Lisa Lee Swope, a member of the local ASL Dauphin County Facebook group came to us before the conference began the second day and told us that the captions were easier to read the night before from where she was sitting 6 rows up in the stands. At first, we thought it was because Terri had used a blue background with white captions. For me, the black background with yellow captions were easier to read, a very nice contrast.
I first contacted LifeWay and requested CART when my friend Carol Mellott told me that Beth More was coming to our area. LifeWay, the sponsor for the Beth Moore event in Hershey, provided an ASL interpreter for the small culturally Deaf community, but refused to pay for captioning for the larger population who depend on captions for access to language.
If you have no success with the sponsor of the event, then contact the venue where it is being held. Find who is in charge of "Accessibility" and talk with them. Most likely, captions won't even be mentioned on the websites because they've not yet had experience with this kind of accessibility. You will need to educate them, as well, and encourage them to add this to their list of accessible means on their websites.
People don't realize that CART is a very real need if they don't see it in action, or the faces of those of us who need it. Hearing loss and deafness are invisible disabilities, and for years many of us have hesitated to ask for captions because we been met with hostile inquisitions as to why we don't just learn to sign like the Deaf community. Our hearing families and friends don't sign. We don't belong in Deaf community because our lives are integrated with the hearing community. Many people begin to lose their hearing by middle age, and often the loss progressively gets worse. The fastest growing population of DISABLED people today are those of us living with hearing loss. It is unreasonable to expect people who have spent their whole lives in the hearing culture, and their friends and families to learn ASL at this stage in life. It IS reasonable, however, to accommodate their request for English in text captioning.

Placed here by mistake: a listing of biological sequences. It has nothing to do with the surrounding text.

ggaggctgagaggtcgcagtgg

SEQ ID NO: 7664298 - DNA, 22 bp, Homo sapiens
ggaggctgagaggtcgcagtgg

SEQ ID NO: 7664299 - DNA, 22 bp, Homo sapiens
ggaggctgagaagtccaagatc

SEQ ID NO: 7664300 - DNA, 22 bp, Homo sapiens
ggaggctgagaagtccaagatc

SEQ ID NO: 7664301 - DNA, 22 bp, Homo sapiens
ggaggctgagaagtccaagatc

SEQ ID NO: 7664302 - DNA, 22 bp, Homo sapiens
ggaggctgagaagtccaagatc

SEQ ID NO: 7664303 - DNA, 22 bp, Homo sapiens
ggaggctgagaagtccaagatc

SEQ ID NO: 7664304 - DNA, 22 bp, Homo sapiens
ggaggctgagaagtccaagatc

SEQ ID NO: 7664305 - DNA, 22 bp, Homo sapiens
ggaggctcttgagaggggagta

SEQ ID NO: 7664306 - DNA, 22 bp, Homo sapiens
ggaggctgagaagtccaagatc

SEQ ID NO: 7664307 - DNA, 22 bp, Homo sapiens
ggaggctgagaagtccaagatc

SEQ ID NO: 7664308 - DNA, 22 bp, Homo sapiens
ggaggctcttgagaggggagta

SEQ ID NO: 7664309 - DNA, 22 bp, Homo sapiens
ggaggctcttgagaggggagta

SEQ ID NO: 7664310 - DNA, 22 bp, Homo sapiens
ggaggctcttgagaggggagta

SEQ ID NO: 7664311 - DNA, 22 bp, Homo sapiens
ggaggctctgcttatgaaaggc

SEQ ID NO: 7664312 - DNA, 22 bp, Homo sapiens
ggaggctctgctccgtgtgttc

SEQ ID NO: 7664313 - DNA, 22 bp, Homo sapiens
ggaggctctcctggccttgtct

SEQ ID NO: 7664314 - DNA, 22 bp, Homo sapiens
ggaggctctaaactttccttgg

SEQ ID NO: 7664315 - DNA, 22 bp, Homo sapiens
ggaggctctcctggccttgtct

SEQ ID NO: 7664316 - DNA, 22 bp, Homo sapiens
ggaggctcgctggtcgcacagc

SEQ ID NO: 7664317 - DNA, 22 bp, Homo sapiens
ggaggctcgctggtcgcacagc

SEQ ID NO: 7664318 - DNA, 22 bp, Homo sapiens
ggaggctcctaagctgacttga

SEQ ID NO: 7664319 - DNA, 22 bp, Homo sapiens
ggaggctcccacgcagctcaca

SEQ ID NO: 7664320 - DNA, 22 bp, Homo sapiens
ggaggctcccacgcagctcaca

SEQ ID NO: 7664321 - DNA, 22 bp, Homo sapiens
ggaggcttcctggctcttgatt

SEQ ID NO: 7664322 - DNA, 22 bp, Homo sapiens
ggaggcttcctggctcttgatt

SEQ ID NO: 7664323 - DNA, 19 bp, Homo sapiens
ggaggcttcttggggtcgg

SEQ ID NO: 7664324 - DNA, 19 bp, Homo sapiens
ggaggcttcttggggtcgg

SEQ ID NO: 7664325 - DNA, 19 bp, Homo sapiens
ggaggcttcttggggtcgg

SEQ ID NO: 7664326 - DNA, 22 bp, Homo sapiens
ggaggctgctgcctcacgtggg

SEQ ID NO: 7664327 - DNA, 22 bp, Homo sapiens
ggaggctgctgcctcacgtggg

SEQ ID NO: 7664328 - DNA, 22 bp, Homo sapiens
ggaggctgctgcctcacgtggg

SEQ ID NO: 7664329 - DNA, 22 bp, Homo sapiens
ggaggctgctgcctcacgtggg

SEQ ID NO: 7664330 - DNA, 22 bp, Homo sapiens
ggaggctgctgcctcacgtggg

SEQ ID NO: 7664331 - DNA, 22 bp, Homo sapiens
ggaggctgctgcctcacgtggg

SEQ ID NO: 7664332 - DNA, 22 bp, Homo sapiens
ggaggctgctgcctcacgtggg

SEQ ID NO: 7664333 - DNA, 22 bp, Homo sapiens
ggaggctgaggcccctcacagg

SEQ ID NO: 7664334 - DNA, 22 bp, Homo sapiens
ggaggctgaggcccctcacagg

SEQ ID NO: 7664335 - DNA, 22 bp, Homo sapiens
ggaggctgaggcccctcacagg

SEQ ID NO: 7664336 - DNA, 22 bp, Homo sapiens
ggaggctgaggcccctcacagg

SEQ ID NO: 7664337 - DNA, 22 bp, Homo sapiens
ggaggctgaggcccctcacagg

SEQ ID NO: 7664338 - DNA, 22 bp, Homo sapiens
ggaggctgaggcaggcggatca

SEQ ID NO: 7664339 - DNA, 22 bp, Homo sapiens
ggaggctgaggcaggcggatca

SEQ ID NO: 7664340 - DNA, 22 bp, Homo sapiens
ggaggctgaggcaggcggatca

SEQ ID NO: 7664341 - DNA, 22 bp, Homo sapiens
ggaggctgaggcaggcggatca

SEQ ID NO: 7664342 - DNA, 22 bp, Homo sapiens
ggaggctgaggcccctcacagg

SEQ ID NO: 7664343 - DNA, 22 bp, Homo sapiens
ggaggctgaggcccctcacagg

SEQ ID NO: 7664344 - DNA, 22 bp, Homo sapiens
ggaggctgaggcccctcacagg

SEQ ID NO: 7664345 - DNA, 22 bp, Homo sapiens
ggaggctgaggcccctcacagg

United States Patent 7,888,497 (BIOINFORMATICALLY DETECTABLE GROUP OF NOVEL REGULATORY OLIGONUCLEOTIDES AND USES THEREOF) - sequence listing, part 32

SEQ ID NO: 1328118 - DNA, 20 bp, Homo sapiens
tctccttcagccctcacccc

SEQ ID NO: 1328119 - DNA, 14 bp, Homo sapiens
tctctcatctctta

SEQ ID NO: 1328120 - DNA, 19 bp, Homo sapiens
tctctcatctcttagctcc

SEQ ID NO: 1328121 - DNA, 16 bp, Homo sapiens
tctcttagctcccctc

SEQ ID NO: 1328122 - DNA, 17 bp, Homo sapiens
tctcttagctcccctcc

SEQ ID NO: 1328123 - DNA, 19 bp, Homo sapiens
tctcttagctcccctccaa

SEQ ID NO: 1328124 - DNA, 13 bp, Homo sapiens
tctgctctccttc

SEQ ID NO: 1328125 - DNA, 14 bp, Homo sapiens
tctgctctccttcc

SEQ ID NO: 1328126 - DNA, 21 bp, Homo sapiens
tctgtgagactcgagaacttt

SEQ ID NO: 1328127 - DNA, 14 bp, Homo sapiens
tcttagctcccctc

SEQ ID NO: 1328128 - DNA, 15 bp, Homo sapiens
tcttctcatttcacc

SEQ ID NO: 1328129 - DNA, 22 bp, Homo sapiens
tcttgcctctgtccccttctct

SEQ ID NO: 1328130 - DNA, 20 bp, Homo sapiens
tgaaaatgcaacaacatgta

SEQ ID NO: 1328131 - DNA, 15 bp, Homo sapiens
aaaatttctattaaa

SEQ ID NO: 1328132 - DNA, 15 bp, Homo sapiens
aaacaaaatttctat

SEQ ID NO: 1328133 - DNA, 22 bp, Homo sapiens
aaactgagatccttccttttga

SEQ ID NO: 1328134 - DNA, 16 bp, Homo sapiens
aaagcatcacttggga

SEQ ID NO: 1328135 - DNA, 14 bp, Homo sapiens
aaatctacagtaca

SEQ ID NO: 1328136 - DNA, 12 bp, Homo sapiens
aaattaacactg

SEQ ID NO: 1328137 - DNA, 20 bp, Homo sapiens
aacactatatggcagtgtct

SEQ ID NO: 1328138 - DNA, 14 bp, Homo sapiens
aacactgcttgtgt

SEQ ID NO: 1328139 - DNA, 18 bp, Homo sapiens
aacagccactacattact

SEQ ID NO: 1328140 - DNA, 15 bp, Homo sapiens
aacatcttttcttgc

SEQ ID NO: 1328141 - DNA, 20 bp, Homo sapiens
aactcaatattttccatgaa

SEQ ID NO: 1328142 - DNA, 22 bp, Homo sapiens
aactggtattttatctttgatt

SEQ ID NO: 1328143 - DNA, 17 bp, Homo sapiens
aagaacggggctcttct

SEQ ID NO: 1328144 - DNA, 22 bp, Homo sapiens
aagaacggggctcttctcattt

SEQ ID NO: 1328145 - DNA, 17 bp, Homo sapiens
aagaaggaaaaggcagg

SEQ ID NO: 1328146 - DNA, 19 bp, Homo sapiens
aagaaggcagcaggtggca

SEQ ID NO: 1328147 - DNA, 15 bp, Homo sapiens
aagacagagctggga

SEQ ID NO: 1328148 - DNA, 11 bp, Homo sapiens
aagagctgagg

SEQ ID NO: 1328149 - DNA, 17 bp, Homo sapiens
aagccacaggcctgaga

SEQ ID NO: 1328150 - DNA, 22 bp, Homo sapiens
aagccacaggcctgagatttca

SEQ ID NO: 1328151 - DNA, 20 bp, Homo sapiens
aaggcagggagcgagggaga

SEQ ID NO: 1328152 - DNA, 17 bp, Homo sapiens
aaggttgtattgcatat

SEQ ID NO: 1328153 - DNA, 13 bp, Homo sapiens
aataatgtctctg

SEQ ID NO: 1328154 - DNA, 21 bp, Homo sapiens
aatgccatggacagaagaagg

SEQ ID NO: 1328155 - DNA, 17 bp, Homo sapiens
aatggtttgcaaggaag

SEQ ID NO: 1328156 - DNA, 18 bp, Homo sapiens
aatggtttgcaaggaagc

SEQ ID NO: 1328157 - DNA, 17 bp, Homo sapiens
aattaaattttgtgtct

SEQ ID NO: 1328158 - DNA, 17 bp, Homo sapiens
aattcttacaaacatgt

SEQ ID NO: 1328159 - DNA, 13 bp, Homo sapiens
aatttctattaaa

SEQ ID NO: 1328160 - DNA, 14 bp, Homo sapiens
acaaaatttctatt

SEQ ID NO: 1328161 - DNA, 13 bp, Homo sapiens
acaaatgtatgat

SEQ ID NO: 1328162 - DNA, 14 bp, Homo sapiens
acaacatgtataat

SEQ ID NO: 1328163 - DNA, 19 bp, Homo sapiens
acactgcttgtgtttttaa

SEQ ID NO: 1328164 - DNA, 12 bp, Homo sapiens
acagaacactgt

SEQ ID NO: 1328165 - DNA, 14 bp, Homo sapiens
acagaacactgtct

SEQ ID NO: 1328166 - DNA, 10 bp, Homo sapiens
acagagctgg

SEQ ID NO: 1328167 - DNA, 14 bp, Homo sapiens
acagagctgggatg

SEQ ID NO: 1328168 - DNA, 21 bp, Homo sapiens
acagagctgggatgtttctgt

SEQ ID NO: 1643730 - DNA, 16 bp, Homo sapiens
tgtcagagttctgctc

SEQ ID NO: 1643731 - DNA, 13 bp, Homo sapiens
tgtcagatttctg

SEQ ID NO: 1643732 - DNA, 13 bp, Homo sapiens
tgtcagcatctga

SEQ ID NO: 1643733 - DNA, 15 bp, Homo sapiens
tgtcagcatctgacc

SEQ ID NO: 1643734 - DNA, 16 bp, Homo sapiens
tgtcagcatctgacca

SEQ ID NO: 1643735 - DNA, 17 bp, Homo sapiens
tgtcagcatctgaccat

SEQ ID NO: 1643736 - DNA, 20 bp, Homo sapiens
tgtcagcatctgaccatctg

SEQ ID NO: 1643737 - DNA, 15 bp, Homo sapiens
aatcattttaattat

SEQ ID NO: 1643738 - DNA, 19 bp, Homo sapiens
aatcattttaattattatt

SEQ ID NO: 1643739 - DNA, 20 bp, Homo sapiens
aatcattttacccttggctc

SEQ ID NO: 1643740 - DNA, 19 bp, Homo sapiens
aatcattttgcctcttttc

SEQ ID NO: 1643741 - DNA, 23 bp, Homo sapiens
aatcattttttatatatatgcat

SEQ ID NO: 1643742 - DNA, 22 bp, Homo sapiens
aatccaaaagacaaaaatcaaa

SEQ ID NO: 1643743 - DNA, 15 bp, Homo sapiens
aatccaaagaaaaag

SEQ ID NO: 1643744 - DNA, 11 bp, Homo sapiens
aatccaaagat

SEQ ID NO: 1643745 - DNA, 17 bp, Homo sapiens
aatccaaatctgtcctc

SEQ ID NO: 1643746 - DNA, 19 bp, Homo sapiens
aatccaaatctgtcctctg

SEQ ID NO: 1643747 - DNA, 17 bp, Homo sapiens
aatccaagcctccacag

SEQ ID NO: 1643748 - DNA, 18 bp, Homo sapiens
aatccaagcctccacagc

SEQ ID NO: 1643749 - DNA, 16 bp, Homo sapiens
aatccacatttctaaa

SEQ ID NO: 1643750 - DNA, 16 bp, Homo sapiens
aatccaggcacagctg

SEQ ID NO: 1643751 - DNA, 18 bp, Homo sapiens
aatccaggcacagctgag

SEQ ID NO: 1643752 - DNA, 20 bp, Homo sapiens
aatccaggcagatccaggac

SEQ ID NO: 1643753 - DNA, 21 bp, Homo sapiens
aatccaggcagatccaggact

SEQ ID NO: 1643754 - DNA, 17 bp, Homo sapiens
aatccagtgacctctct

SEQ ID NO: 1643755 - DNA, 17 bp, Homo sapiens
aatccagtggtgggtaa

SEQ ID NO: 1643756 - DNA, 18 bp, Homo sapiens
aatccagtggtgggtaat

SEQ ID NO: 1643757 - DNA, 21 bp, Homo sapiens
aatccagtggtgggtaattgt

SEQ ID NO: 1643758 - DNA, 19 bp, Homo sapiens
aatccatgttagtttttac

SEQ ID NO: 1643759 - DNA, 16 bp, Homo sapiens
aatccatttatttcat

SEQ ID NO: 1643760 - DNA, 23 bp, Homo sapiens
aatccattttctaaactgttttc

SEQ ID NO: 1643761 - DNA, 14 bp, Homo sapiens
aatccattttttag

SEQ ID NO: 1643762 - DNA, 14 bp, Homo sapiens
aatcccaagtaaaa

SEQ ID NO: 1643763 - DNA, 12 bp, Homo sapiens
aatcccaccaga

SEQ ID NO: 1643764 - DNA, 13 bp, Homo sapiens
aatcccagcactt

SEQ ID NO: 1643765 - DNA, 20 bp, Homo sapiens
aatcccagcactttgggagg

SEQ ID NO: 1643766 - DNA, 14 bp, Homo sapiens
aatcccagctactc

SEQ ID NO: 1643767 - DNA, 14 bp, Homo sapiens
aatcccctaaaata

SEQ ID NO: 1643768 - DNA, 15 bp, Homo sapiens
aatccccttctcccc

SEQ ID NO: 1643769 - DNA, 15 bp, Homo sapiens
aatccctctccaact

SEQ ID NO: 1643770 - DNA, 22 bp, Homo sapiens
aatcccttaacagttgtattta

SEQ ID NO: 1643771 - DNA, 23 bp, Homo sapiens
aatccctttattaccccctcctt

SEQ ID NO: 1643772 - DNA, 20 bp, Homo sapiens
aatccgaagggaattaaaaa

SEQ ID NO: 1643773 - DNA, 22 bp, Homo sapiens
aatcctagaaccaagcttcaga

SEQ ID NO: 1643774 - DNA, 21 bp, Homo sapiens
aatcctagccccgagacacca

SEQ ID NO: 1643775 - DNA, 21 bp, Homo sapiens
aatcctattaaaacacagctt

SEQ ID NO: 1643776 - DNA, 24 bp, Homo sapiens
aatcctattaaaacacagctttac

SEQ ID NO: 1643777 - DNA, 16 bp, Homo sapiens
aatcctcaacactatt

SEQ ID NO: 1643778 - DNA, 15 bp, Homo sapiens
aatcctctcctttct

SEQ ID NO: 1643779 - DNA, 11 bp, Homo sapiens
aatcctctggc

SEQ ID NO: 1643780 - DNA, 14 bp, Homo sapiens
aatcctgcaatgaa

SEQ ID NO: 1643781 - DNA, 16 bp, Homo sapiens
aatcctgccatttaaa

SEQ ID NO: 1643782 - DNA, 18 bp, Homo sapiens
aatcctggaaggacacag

We are protected under the ADA, and we have the right to request CART captioning, not just in our schools or where we work, but anyplace that is a public venue, and especially if money is required for entry. This is why I have been advocating all these years for open captions at cinemas and churches. We need to be visible in order to bring about access to language for our deafened community and for people struggling with hearing loss.
A huge thank you to our Disability Right's Network here in Pennsylvania, especially Carol Horowitz for standing up for us and being our voice.
Drew Dillon, the ADA coordinator for Hershey Entertainment for making the event accessible for deafened people whose first language is English.
The lovely and inspiring Beth Moore.